Packaging: If the bottle or container housing the vinaigrette is bloated or if you hear a pronounced “pop” when opening, it might be due to fermentation or bacterial growth. Avoid consumption in this case.
Ingredients: Vinaigrettes with dairy or fresh ingredients spoil faster. Always be cautious and check these types thoroughly.
Storage Conditions: If you’ve inadvertently left your vinaigrette outside the fridge for a prolonged duration, especially in warm conditions, it’s more likely to have gone bad.
Does The Expiration Date Matter?
Expiration dates, often labeled as “best before” or “use by” dates, serve as guidelines provided by manufacturers to indicate the time frame during which the product maintains optimal quality. Here’s what you need to know about these dates, especially in relation to balsamic vinegar:
Guideline, Not a Deadline: Expiration dates are about quality, not safety. A product doesn’t necessarily become harmful after this date but might have diminished flavor or potency. However, it’s essential to use common sense; if a product looks or smells off, it’s best to discard it.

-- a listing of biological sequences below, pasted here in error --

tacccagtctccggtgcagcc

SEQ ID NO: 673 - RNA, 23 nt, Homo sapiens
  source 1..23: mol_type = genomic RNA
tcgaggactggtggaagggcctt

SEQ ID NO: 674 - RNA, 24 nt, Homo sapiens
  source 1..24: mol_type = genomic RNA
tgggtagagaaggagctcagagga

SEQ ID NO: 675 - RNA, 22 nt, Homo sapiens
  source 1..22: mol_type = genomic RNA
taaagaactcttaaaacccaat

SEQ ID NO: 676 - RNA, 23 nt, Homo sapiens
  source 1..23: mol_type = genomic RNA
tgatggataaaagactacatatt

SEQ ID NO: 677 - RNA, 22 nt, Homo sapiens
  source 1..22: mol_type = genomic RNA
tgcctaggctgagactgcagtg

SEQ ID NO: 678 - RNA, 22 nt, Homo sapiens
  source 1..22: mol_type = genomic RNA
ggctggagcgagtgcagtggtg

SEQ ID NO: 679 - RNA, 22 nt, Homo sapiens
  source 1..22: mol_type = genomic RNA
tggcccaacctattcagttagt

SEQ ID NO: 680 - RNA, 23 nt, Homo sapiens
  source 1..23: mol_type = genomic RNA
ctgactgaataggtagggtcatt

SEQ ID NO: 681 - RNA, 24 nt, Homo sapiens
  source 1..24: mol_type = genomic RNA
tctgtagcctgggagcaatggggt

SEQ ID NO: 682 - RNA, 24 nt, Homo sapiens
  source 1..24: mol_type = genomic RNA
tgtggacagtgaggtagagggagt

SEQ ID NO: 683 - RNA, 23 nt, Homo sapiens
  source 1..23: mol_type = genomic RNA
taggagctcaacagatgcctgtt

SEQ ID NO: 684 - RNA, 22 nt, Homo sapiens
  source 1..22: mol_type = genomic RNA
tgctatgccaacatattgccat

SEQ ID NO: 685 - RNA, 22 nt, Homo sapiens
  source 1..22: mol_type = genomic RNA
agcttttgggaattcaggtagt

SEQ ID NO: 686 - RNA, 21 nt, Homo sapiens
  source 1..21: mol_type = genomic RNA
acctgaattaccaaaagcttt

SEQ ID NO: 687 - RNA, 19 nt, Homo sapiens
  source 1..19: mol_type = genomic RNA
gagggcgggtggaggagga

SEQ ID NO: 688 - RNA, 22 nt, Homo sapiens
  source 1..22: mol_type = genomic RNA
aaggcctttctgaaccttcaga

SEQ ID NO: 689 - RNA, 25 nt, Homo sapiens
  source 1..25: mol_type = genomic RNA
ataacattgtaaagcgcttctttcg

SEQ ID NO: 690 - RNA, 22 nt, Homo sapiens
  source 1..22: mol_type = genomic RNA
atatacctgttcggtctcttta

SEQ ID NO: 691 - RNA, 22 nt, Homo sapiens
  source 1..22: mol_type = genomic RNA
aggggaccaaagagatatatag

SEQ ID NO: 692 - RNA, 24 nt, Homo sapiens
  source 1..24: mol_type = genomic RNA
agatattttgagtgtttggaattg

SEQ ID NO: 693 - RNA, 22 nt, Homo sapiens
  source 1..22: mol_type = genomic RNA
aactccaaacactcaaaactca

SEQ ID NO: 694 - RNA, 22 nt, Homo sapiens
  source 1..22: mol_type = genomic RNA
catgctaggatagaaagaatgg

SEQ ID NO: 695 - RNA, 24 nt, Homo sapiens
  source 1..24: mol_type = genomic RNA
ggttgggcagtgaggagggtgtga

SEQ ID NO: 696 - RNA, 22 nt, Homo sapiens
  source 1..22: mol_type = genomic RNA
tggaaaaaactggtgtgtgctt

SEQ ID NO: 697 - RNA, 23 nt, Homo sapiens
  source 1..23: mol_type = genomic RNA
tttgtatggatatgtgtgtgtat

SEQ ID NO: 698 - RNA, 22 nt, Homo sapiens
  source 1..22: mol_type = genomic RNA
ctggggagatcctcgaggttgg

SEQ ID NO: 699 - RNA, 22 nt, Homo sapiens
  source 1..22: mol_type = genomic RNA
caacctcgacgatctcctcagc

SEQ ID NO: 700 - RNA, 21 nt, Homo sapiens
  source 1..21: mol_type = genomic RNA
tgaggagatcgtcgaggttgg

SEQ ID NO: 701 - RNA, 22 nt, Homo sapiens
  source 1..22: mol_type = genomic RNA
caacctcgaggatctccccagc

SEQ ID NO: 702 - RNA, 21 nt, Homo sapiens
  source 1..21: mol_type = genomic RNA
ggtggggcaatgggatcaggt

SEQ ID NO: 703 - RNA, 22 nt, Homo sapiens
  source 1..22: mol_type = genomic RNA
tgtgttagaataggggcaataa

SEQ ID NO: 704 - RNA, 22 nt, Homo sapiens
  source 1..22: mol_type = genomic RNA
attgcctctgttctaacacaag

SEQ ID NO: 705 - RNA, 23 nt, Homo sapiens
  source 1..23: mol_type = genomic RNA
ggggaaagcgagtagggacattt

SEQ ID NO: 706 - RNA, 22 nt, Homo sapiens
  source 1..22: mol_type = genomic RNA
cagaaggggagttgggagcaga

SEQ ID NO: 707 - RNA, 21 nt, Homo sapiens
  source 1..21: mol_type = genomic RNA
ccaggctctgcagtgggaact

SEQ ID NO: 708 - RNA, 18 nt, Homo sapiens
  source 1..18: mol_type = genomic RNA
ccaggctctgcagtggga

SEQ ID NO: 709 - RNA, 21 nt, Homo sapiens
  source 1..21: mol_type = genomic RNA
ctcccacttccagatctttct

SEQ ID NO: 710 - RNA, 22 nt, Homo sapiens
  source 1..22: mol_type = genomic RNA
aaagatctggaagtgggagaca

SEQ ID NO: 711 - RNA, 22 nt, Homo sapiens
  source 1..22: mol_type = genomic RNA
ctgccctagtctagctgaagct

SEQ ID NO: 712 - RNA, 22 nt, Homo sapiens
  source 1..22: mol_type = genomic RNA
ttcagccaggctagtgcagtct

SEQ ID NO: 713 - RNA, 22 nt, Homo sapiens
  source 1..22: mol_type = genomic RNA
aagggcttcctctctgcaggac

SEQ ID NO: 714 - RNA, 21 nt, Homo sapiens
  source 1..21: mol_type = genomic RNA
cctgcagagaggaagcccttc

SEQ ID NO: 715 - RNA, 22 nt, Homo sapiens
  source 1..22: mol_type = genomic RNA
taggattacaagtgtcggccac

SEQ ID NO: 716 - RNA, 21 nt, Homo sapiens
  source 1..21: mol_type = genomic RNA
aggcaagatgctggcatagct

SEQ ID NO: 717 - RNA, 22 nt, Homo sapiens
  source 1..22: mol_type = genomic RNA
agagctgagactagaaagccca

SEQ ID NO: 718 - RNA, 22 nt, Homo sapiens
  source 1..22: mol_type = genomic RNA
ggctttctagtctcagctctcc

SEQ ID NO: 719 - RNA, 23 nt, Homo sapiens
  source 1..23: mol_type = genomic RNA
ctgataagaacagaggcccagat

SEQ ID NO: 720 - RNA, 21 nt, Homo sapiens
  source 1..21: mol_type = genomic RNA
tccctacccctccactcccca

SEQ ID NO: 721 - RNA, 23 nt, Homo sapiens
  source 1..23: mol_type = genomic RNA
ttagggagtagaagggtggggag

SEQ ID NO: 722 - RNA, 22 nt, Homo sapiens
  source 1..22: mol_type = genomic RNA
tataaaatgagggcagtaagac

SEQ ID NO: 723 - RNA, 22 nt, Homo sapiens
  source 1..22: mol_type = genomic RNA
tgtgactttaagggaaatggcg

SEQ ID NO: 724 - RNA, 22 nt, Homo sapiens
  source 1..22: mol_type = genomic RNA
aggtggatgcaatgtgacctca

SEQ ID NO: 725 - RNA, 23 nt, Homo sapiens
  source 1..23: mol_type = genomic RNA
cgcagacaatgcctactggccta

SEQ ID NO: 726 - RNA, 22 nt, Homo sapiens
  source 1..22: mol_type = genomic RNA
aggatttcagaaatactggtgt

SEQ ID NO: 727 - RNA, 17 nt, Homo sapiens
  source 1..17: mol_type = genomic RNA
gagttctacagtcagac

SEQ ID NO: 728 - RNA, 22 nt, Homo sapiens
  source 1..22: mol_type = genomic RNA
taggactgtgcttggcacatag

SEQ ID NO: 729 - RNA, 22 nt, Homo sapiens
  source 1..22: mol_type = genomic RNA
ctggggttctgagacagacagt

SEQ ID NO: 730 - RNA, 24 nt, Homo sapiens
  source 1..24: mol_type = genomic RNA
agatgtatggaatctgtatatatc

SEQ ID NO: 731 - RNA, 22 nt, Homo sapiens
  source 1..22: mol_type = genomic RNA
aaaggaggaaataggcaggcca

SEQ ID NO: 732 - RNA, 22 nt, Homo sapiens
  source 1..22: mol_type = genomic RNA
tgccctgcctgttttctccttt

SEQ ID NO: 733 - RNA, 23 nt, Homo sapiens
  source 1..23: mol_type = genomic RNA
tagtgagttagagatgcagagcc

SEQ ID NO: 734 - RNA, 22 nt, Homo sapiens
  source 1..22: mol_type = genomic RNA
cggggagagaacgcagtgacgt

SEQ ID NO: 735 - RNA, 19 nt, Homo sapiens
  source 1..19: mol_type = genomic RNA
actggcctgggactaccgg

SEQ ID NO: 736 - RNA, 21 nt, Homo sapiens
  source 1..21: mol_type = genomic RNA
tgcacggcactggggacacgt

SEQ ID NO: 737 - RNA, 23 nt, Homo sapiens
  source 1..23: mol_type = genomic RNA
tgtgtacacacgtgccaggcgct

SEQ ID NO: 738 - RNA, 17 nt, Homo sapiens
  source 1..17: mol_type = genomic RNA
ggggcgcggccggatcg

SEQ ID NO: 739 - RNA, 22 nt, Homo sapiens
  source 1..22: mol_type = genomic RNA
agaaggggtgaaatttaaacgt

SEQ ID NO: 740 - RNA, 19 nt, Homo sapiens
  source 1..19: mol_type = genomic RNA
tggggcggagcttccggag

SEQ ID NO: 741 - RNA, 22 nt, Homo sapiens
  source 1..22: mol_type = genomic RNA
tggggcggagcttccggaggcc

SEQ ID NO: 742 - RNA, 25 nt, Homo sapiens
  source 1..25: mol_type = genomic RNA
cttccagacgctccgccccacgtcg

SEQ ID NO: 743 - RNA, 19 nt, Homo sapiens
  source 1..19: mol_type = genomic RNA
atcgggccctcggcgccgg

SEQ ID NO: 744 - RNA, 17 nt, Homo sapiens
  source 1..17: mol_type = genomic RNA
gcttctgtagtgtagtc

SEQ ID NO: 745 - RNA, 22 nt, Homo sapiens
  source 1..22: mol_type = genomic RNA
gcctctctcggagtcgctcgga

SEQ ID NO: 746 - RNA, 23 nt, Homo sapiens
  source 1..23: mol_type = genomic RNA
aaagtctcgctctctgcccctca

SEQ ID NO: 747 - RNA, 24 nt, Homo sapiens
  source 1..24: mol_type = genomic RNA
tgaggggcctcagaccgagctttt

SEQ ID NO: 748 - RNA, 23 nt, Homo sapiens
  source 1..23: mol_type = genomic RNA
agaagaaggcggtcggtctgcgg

Balsamic Vinegar’s Longevity: Balsamic vinegar, particularly the traditional kind, can last years and often improves with age. The date on the bottle can be seen more as a “minimum aging” suggestion rather than an expiry.
Storage Matters: How you store a product can significantly impact its shelf life. Balsamic vinegar kept in a cool, dark place and tightly sealed will retain its quality longer than a bottle exposed to heat or sunlight.
Taste Test: If your balsamic vinegar is past its expiration date, give it a taste. If it retains its characteristic sweet-tart flavor without any off-tastes, it’s likely still good to use.